‘I knew it was going to happen;’ ‘I did not expect it;’ I knew we were wasting our time.’ We come across these kinds of retorts more often than not, and they are symptomatic of the presence or absence of one crucial factor: Foresight. There are two components in making judgments leading to decision: Analytical look at facts and foresight. And in this blog, I will try to take a look only at foresight as I already dealt with the former in the blog titled, “What is the most difficult thing in life?”
Ability is the sum total of doable and potentially doable possessions that are naturally present in a person while capability is the set of skills that one acquires as she/he courses through life. We say “differently-abled person,” not differently-capable person. Right? This clarifies natural nature of ability and acquired origin of capability. Basic intelligence, talents, and wisdom come under abilities while skills, knowledge and experience are capabilities. Capabilities sharpen abilities. Foresight is the ability to see now every relevant factors from future, which will have a definite bearing on one’s capability to make judgments. The operative word here is ‘relevant.’ How do we develop foresight? There are two prerequisites to foresight: common sense and peripheral awareness.
It is difficult to explain what common sense is. Let me explain it with an example. Why do teachers, while examining answer sheets, use pens that have ink whose color is different from the ink color used by students? It is because, though not meritoriously relevant, same color ink will make teachers’ notes and markings visibly irrelevant. Thus, in order to make their markings and notes visibly relevant on answer sheets, teachers choose pens with different ink color. So we can say that common sense is the ability to differentiate relevance from irrelevance in order to choose relevance.
Analytical look is reasonably filtering through facts available in the immediate arena of a subject on which decision has to be taken. And you need a bridge from facts to reach foresight, and that connecting link is peripheral awareness. Peripheral awareness is the ability to comprehend the extended reach of facts-of-the-matter without losing focus on the facts itself. It largely depends on the faculties of decision-maker to conjure up that reach. Let me bring in the game of cricket to illustrate what peripheral awareness is meant by in decision making.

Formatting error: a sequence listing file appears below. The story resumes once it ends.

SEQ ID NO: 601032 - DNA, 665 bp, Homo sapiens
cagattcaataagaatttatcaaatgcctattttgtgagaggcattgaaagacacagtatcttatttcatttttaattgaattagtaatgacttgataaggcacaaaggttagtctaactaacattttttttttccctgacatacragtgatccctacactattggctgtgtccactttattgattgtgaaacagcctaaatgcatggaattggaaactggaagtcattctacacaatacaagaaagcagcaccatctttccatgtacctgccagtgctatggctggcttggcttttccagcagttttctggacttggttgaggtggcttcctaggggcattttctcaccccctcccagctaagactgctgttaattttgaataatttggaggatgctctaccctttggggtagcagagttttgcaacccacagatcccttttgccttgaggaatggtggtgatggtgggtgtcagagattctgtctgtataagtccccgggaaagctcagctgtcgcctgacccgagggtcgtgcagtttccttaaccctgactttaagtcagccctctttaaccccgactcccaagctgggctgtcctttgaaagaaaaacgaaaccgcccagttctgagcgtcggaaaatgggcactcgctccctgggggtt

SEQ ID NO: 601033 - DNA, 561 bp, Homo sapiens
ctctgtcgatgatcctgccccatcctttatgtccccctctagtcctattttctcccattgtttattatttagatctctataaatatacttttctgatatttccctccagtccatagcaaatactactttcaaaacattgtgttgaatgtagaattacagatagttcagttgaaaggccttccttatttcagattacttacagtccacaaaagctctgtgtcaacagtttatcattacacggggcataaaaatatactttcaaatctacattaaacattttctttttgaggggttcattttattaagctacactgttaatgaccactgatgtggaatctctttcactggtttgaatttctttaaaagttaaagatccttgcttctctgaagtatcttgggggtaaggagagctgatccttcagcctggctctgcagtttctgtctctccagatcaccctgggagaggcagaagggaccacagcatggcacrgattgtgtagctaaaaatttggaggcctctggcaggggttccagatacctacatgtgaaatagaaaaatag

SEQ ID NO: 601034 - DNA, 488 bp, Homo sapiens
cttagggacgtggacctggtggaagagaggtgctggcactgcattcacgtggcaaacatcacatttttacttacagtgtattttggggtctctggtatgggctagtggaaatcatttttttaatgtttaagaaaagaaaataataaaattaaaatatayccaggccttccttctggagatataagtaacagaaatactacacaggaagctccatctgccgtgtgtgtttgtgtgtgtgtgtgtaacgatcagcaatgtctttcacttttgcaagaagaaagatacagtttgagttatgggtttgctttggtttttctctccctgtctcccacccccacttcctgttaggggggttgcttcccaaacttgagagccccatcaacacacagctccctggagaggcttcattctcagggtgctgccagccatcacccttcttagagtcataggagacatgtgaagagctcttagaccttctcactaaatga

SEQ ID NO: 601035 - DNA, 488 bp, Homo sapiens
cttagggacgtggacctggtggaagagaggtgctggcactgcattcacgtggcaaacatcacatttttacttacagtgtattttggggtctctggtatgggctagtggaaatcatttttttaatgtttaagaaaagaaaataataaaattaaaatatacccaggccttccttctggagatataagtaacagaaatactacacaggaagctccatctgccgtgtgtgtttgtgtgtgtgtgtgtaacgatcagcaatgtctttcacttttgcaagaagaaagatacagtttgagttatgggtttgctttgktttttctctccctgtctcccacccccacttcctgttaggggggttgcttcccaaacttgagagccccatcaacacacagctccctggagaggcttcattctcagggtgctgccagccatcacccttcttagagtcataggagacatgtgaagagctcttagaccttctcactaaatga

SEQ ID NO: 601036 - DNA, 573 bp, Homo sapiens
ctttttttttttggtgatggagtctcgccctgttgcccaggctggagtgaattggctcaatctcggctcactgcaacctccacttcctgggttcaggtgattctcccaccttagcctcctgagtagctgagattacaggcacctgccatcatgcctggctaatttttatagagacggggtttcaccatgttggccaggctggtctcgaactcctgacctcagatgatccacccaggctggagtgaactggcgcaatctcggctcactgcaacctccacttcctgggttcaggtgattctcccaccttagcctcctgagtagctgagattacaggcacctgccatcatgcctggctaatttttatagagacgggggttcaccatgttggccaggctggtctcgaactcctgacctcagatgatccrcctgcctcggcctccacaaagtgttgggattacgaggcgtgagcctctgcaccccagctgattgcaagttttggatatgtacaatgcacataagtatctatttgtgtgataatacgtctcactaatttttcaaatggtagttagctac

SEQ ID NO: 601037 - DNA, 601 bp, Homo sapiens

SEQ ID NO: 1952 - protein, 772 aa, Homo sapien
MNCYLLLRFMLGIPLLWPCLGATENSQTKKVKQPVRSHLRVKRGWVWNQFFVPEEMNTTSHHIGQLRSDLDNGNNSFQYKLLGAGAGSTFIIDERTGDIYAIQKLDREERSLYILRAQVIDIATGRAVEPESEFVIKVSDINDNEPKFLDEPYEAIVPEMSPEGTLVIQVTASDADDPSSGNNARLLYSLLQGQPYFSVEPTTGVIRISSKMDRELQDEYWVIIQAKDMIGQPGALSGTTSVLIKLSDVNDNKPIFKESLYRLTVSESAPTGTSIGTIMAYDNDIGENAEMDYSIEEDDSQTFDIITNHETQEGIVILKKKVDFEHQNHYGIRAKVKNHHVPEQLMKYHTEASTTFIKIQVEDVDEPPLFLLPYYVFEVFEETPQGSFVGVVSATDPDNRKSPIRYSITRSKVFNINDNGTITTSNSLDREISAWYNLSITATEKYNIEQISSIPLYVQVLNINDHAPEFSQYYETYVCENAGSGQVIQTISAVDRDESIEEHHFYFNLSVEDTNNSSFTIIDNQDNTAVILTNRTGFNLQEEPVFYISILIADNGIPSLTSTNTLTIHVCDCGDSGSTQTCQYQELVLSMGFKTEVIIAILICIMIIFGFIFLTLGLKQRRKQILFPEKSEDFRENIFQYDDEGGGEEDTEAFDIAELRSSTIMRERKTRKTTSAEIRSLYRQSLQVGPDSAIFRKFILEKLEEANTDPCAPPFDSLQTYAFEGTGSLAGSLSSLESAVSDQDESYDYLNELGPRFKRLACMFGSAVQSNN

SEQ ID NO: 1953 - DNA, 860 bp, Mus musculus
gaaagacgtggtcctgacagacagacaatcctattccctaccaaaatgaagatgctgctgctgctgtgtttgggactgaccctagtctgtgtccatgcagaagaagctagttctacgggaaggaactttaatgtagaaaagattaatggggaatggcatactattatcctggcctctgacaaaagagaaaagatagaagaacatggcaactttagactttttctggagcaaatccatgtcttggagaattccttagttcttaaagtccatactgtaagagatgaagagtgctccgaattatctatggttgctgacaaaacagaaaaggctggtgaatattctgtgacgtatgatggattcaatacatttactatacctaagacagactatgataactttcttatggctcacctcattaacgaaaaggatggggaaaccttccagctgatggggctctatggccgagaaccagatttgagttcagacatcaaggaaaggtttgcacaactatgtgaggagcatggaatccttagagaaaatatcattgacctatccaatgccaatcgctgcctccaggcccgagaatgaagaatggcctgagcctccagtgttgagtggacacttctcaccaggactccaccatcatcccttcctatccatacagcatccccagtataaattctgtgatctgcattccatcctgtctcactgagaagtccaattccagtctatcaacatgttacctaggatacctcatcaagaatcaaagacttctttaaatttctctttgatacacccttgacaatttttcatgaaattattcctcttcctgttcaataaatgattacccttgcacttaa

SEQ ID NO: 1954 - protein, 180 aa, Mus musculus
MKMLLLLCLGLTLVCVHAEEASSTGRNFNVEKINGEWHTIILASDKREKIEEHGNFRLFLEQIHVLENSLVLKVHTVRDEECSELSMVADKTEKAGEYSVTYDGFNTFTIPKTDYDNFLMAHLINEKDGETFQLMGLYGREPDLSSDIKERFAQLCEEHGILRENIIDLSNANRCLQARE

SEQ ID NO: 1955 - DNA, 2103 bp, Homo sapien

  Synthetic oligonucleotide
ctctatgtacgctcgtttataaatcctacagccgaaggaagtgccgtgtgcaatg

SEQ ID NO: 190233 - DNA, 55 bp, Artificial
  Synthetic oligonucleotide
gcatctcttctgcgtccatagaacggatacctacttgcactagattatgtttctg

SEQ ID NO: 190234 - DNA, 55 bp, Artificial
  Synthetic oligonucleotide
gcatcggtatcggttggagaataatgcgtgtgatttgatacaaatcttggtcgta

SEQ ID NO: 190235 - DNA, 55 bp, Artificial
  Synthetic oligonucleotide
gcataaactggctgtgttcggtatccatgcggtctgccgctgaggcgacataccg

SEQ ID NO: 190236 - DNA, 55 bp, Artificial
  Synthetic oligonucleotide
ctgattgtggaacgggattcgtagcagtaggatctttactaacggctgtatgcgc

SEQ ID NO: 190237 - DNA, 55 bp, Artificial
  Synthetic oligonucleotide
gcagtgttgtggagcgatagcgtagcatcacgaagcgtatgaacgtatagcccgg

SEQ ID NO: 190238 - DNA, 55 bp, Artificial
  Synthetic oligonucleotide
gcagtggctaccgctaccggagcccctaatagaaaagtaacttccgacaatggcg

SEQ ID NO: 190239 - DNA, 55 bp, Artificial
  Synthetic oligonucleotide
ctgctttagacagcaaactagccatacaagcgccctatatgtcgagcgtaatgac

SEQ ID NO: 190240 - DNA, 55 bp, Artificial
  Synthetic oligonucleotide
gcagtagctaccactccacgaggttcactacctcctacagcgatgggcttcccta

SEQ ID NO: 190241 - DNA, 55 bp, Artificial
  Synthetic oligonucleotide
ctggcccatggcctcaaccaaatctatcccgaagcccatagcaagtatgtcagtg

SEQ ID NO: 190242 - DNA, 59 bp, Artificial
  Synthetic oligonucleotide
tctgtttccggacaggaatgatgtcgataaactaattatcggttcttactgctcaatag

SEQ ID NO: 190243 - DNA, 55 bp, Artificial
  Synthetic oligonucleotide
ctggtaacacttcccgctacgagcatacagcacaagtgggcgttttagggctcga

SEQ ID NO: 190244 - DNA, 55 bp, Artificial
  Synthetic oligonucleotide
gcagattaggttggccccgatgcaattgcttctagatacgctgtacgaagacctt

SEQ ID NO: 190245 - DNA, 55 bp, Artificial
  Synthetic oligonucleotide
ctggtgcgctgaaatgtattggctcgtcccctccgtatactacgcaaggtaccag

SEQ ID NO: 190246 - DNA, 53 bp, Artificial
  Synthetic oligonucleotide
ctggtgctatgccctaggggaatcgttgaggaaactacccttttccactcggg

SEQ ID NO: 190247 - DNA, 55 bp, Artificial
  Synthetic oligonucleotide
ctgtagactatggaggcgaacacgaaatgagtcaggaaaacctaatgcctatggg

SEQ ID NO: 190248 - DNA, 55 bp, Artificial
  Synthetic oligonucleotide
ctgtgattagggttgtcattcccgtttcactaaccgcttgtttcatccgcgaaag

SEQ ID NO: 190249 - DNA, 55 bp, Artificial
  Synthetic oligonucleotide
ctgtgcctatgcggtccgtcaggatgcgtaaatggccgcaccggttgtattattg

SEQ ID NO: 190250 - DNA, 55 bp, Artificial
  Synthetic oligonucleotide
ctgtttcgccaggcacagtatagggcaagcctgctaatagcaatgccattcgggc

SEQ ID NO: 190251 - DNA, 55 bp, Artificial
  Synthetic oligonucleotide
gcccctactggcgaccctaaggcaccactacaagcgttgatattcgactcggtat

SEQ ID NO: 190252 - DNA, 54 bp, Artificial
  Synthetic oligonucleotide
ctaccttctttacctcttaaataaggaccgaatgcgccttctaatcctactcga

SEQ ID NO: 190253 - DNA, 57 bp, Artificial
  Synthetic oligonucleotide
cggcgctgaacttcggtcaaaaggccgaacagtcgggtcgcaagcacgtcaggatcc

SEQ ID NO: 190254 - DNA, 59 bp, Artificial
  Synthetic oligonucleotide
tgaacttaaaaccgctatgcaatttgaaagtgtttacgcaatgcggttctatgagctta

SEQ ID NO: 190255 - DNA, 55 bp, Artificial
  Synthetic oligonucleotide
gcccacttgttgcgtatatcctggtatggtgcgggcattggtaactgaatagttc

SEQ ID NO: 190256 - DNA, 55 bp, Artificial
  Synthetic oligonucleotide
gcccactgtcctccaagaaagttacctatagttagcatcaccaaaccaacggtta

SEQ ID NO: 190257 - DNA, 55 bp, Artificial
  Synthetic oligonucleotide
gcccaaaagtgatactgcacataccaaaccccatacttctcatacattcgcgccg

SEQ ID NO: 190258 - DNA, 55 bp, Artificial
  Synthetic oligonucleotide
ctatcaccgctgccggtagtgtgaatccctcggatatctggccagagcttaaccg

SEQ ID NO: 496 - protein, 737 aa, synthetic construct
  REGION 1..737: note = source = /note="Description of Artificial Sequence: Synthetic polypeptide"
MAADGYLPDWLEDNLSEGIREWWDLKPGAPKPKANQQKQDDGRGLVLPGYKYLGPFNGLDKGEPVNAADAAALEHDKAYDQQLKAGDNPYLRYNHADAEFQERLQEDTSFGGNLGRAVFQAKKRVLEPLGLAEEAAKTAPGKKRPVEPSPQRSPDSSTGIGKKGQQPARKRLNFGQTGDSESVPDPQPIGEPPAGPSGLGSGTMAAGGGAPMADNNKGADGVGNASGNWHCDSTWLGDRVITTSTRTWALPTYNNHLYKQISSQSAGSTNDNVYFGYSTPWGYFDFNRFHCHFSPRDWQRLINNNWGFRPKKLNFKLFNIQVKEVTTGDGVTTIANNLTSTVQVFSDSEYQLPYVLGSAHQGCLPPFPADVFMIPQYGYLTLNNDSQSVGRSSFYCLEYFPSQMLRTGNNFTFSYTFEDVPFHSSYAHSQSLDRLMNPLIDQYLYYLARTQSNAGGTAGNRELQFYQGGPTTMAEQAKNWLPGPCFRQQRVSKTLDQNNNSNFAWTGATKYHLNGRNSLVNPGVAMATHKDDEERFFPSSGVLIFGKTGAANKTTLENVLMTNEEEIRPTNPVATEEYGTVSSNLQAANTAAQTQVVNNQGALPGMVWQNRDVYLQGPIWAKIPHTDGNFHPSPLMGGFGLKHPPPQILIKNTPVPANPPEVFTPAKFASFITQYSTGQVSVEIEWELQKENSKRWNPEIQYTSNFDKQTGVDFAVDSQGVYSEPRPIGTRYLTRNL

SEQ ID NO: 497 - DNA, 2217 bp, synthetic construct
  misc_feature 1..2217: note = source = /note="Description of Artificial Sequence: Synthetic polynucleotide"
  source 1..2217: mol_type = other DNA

The Time Magazine, while featuring the cricketing legend, Sachin Tendulkar, on its cover page titled “Cover Drive,” mentioned ‘Peripheral Awareness’ as one of the qualities which enabled Sachin to emerge as the most successful cricket player that the contemporary times had seen. The magazine further explained that while batting, including while facing the toughest ball from the fiercest bowler, Sachin had the entire ground, especially positioning of fielders, on his frame of mind so as to adjust his batting to find gaps and score though he did not look around frequently. In an abstract, peripheral awareness, as also explained by the magazine, is the ability to factor in facts from all the possible extended reach without overreaching.
Subtle clues — that can be verbal and/or non-verbal — which we usually fail to notice during social and interpersonal interactions are the food for foresight. Noticing and deciphering them reveal general contour and portends of things to come. There are people who have the ability to see the appropriateness or inappropriateness; and relevance or irrelevance of these subtle clues as they flash before them although present utility value of these clues is negligible or naught. As a corollary, they visualize and judge the future ramifications of these subtleties, filter out irrelevant things, arrive at educated inferences and keep them on a ready-to-use mode as and when required. It is to be noted that you can not catapult yourself to this deliberate sight-in-advance from facts but have to cross the bridge of peripheral awareness to reach there because you also need the help of the extended reach of facts to decipher subtle clues.
A piece on foresight is incomplete without touching on hindsight and farsightedness. Hindsight is post-mortem analysis to understand something after it happened. Foresight is an intangible asset with future value while hindsight does not qualify to call itself as an asset though it may offer a few pointers for future.
Farsightedness is a medical condition in which one can see distant objects clearly but nearby objects blurry. So figuratively, farsightedness also means ability to see distant physical objects. Furthermore, farsightedness is a synonym of foresight, and both can be used interchangeably barring one context. Let me explain this usage difference with an example. A good driver is said to have long and much-beyond visibility, making the drive as careful as he/she otherwise does even when there is good distance between the driver and the vehicle just ahead. In this case, we can say that driver has farsightedness, not foresight. Barring this exception, farsightedness and foresight are interchangeably used.
Analyse facts, build a bridge of the extended reach of the facts called peripheral awareness, cross it and bring home relevant insights from subtle clues. And thus allow foresight to add value to correctness in decisions you take in life.
One thought on “Foresight”
It’s incredible. You’ve got into your power of deep thinking to deliberate on this foresight matter. Your topics have started going into intrinsic aspects of life.
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